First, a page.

Families were split and plans had to be remade when travel rules between France and the UK tightened just a week before Christmas.
The rules are not the same in both directions and are more serious for some.
Dominic Barkley, 42, a security worker from London, told The Connexion how the ban means he cannot travel to see his father, who is ill with incurable stage 4 bowel cancer in France.
He would have been able to if the situation was reversed and he lived in France and his father in the UK, or if he was French.
“When someone is as ill as he is, you want to spend as much time with them as you can,” said Mr Barkley. “You don’t know if this Christmas will be the last.”
He could not see his father Bill, 66, who lives in Nord, last Christmas due to the visitor ban then in place and has not seen him for 18 months.
With his father’s health deteriorating he was counting on being with him this Christmas but was then banned under the rule changes.
“It seems cruel when students or lorry drivers can travel but I can’t. There should be some understanding of circumstances like mine,” he said.
We asked the French interior ministry why compassionate reasons are not included in the list for Britons to visit France but have not received an answer.
French people, wherever they live, can come to France, as can their immediate family – as Britons can to the UK.
However, visiting seriously ill close family at risk of death is one of the official essential reasons given for visiting the UK from France, but not in reverse.
Essential reasons have been in place between the two countries for unvaccinated people for some time but, due to the high level of the Omicron variant in the UK, they were imposed in both directions for all travellers by France.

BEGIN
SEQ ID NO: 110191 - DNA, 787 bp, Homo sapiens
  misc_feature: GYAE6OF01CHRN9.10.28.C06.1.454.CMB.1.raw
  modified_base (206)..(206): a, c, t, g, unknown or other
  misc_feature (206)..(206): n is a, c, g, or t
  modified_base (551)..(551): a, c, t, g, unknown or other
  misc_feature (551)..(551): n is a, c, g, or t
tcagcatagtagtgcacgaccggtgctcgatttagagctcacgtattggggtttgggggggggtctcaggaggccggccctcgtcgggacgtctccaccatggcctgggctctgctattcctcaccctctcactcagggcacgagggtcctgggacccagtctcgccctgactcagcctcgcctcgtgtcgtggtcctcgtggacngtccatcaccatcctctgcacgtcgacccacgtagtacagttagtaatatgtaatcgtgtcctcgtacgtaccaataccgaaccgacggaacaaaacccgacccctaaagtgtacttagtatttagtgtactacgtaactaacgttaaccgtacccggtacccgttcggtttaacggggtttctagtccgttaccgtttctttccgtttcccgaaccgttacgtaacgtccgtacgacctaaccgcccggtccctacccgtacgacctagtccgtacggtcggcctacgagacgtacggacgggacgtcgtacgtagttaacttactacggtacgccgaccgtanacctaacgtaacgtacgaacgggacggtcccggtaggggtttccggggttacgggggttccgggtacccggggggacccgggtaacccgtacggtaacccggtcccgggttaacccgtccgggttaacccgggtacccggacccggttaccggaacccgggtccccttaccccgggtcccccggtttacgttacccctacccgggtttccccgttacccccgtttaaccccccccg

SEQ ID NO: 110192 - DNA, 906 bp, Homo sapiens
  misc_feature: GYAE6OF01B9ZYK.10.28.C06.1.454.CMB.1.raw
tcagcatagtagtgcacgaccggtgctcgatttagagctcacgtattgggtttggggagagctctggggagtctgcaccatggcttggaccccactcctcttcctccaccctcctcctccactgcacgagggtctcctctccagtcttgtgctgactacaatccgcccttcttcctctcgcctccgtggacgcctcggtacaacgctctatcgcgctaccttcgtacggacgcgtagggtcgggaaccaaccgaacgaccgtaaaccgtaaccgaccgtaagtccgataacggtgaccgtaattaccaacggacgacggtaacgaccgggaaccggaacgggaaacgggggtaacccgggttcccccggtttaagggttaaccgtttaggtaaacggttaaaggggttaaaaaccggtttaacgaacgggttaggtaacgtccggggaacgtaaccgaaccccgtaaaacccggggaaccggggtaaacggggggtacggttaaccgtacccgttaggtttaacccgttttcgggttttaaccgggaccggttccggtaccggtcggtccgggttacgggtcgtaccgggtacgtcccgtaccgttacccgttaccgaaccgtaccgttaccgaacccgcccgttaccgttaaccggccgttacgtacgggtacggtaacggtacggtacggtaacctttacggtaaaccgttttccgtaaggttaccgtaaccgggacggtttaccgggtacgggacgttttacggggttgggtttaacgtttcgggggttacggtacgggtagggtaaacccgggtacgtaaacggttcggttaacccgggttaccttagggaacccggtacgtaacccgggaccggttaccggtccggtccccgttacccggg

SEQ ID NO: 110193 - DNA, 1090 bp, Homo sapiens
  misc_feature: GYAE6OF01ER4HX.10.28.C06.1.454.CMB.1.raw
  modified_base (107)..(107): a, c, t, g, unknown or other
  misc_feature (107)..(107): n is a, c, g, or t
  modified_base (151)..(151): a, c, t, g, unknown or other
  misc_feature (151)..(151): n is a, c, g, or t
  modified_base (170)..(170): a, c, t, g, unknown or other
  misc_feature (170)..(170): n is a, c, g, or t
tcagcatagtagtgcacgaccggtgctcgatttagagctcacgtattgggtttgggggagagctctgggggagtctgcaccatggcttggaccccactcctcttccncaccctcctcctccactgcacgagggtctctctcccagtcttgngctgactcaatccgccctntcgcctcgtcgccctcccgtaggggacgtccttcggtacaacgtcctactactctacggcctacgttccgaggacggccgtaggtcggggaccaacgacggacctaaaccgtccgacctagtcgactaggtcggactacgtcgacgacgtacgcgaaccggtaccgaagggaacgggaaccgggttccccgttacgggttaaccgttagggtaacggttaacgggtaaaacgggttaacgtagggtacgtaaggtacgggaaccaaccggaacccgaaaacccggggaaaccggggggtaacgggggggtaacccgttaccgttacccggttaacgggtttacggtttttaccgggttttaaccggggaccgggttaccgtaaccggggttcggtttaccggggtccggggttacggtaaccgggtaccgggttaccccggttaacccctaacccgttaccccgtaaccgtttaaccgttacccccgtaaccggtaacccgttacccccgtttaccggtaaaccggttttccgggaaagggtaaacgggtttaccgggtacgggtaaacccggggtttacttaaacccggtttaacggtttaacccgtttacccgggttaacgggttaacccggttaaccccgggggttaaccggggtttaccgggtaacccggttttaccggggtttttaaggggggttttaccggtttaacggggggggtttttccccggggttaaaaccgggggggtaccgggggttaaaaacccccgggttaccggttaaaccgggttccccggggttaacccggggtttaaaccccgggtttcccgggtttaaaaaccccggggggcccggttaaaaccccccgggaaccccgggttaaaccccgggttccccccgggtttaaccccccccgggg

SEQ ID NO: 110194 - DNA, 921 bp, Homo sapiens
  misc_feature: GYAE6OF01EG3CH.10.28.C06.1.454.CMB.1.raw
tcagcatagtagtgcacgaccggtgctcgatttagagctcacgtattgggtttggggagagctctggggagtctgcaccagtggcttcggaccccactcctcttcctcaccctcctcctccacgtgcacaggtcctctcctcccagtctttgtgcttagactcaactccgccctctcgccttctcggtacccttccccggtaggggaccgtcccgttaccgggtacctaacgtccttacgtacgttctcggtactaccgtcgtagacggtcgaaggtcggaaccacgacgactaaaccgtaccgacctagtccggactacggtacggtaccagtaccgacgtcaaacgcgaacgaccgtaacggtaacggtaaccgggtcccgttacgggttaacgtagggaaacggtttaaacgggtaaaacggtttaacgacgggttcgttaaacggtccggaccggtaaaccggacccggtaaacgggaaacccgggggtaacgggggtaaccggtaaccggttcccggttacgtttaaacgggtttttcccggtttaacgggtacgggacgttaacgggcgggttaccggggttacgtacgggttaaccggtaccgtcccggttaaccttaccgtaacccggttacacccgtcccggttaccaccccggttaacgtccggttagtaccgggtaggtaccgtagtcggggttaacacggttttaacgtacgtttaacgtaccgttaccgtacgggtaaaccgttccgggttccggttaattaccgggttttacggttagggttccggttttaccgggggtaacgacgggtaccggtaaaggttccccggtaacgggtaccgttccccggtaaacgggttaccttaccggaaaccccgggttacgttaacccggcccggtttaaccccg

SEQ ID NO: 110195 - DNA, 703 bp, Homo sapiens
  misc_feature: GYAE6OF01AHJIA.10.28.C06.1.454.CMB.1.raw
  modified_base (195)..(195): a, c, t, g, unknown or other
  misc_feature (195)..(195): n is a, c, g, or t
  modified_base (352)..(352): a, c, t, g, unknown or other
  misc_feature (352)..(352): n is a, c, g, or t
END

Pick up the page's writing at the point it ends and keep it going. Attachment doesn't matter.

A list of reasons for UK travel was issued and travel advice against visiting was given which could affect travel insurance.
The list for entering France is limited mostly to French people and residents of France, including Britons and their families benefiting from the Withdrawal Agreement. It does not include adult offspring living in the UK.
Mr Barkley said he blamed the UK government, and those who had not taken precautions, more than the French. He said he had done everything that was asked, but just as things seemed to be returning “more to normal” his plans were cancelled again.
Mr Barkley said he could not arrange travel before the rule change, which was announced less than 48 hours in advance. His mother, retired teacher Lesley, 60, said: “It’s distressing for us. We can’t go to England, because Bill has lost a lot of movement in his legs. He’s too ill. It seems a shame that we live here and pay our taxes but are treated differently from French nationals.”
We asked the French consulate in London if compassionate reasons can be considered and were told that authorisations may be delivered in exceptional circumstances, including for ‘humanitarian’ reasons. Requests should be sent to firstname.lastname@example.org.
People with urgent compassionate grounds can also contact the British consular service in France. There is a contact form here.
We have passed on this information to the family.
It has not been said how long the essential reasons rule will be in place or when it will be reviewed.